Something that is hardly admitted: The results hinge a lot on perception instead on reality. Look at the Toyota result. The 2010 measurement was taken during the height of the sudden acceleration hysteria. Toyota dropped to rank 22. A year later, with everything forgiven and forgotten, Toyota was on rank 7.  This year Toyota has even fewer complaints, and lands on place 8.

Look at Jaguar’s jump from 22 last year to 2 this year. Trust me, JLR has not re-engineered its cars, bought new production lines and changed the workforce.

Barnes did the right thing by moving to China where J.D.Power is being largely ignored. Back at home, assistants and consultants will be busy producing charts such as the above (I still have the template,) while advertising agencies put (for a fee) the 21 different segment awards into their ads.  21 awards for 35 contestants – everybody will be happy.

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30 Comments on “Volkswagen VP Heeds TTAC Career Advice, Leaves For GM A Week Before J.D.Power Study Release...”

  • avatar
    DC Bruce

    A friendly edit: the American synonym for “bullshit” frequently used in polite company is spelled “hooey” not “huey.” “Huey” when not a used as a diminutive of the proper name “Hugh” refers, at least to Americans of a certain age who had an all-expense paid US government trip to SE Asia in the mid-to late 1960s and early 1970s, a UH-1 helicopter.

    Chop, chop! ;-)

    On topic for a moment: While I suppose there’s some utility in knowing that buyers of new cars didn’t like the way they worked, it is unfortunate that JD Power has conflated measuring the “customer experience” with manufacturing defects that require a repair in the first 90 days of ownership, a far more useful bit of information. You have to wonder about people who buy a car and then decide they don’t like this or that aspect of it, whether its the electronics or the fancy DCT. Did these folks bother to take a test drive for more than 10 minutes? OTOH, how was I to know that my new Saab 9-5 would be DOA in my driveway about 10 days after I took delivery with some sort of ECU failure? That’s a defect, folks, and was duly reported as such.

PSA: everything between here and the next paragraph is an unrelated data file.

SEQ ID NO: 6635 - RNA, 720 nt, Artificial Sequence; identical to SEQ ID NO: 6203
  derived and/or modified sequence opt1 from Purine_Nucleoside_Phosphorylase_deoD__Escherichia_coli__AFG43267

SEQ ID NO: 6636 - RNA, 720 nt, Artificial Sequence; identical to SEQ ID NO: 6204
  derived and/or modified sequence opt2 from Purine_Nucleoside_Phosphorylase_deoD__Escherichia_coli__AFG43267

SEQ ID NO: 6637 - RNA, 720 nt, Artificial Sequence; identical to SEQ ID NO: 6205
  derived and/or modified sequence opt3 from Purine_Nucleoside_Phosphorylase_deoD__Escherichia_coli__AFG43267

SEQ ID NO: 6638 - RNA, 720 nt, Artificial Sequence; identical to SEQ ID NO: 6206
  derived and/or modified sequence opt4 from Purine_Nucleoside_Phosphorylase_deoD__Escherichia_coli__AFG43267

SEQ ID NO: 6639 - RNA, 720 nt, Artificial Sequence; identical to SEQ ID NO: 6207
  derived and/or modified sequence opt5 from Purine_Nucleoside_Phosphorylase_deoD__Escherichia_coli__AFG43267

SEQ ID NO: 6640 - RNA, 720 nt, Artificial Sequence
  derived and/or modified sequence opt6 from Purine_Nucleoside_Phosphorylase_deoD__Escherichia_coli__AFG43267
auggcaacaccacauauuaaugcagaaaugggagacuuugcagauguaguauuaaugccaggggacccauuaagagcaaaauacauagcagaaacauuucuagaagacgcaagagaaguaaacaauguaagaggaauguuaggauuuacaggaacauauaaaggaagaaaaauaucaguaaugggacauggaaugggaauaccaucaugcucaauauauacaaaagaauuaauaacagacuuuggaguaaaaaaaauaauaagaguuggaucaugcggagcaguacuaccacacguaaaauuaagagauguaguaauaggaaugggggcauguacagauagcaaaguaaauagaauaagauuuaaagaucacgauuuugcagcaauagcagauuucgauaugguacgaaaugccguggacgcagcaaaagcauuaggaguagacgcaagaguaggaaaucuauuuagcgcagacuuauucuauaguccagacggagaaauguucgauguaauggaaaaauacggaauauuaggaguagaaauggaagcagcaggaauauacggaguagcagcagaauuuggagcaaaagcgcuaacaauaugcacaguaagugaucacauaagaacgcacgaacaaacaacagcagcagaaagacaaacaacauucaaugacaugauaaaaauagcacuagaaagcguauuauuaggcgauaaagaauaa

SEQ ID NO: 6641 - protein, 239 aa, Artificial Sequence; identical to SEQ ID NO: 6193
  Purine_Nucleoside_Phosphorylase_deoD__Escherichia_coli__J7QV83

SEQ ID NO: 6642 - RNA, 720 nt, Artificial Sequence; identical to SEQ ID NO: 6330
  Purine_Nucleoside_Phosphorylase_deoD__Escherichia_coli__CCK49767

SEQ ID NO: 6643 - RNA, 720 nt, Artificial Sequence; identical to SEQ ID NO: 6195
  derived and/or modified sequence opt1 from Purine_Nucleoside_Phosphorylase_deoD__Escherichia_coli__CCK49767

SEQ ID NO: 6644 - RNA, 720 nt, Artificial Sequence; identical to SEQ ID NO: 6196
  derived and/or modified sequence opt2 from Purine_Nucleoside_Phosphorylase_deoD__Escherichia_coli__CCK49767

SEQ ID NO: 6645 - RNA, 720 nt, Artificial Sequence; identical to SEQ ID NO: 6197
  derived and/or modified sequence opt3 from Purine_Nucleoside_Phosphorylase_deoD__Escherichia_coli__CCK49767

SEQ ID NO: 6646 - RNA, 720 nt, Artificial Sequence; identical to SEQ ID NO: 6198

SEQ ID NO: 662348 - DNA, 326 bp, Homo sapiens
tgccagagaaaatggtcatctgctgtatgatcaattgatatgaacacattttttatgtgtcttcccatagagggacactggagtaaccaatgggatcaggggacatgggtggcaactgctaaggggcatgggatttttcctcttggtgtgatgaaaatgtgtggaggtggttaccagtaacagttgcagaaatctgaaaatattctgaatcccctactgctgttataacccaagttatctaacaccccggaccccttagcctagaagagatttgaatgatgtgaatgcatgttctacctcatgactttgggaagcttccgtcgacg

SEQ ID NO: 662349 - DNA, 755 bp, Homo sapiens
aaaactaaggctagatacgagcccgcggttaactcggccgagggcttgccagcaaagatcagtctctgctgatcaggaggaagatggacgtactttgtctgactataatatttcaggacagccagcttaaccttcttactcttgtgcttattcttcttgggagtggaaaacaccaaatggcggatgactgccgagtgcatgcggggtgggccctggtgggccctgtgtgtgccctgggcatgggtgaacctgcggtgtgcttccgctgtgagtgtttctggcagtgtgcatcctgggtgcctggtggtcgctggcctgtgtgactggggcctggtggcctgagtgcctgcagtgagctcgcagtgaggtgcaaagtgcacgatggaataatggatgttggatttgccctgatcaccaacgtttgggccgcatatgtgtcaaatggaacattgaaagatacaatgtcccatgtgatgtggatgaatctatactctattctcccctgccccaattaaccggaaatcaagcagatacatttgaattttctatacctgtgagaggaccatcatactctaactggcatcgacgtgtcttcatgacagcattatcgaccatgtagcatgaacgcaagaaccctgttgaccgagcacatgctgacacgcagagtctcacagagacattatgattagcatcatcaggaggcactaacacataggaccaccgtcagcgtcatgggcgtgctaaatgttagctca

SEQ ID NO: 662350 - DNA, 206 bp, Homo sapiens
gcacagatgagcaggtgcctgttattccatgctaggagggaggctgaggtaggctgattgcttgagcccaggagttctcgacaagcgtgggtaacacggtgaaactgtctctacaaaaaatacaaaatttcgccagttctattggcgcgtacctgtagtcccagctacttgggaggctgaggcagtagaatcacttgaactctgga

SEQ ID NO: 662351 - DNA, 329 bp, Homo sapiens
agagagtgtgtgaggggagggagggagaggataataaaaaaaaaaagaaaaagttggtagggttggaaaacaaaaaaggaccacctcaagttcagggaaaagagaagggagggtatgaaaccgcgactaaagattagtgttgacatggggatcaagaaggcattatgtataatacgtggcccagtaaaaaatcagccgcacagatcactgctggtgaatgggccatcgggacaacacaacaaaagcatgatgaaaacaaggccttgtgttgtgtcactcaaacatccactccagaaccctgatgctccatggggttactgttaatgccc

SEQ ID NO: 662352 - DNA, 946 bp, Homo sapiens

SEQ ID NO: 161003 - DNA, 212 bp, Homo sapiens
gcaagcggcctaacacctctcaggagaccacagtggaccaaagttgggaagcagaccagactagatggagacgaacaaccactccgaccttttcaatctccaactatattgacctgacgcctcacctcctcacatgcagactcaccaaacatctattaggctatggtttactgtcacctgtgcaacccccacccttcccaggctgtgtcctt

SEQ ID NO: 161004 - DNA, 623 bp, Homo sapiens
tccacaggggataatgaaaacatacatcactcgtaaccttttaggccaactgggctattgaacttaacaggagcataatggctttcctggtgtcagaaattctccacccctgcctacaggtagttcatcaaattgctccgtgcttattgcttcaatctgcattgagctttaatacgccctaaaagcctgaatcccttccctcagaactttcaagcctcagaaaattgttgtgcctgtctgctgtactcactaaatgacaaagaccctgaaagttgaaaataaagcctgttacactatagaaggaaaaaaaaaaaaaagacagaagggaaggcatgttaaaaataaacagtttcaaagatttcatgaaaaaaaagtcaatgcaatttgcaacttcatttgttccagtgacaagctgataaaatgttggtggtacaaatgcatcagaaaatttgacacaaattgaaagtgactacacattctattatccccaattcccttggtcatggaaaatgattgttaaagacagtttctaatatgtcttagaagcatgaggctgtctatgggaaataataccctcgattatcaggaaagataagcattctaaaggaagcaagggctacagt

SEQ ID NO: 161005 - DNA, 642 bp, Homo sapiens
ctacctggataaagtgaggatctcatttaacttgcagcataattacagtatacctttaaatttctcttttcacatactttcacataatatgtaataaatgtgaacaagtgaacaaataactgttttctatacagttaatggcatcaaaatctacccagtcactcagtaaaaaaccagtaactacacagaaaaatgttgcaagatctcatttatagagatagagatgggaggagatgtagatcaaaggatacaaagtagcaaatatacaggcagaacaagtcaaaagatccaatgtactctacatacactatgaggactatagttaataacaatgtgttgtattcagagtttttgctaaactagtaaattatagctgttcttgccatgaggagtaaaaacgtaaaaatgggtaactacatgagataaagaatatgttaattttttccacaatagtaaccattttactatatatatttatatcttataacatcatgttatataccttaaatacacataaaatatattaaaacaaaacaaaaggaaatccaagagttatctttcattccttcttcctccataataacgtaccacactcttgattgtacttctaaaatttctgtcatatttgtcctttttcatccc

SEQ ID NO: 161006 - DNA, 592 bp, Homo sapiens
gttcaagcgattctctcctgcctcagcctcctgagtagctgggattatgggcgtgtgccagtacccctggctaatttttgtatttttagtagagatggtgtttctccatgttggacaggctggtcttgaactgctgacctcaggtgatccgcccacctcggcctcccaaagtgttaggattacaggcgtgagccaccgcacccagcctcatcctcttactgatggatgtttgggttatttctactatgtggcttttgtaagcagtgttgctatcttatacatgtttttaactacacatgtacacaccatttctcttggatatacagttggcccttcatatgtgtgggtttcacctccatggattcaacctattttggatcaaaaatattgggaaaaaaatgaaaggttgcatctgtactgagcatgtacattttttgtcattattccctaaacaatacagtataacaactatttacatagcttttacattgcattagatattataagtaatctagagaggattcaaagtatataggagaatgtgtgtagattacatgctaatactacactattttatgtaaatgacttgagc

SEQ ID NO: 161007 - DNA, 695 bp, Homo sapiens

• avatar

    Honda/Acura on the down, go figure.

    J.D. Power is a heavy weighted metric, interesting they are moving the goal post in IQS with weighted the use of the instrument cluster?

    • 0 avatar

      While I question the value of this kind of study (beyond keeping J.D. Power in the headlines), I don’t understand this comment.

      Honda’s numbers have decreased over this period, from 95 in 2010, 86 in 2011, to 83 in 2012. How that indicates that Honda is “on the down” is beyond me (unless I’m simply misinterpreting your comment–which is highly possible).

      • 0 avatar

        Take off the rose-colored glasses. Honda is getting passed and bumped further down the list. Why, because everyone is passing them by and it may correlate to recalls since Honda was number one last year and Toyota the year before.

      • 0 avatar

        Right or wrong, the ‘data’ in question simply does not support your conclusion. There might be other sources of information that do support your claims (I honestly don’t know), but the numbers here clearly don’t.

    • 0 avatar

      While Bertel’s points are all pretty much spot-on, it is the opinion of many (including myself) that J.D. Powers IQS is a nearly useless barometer of actual quality for the consumer.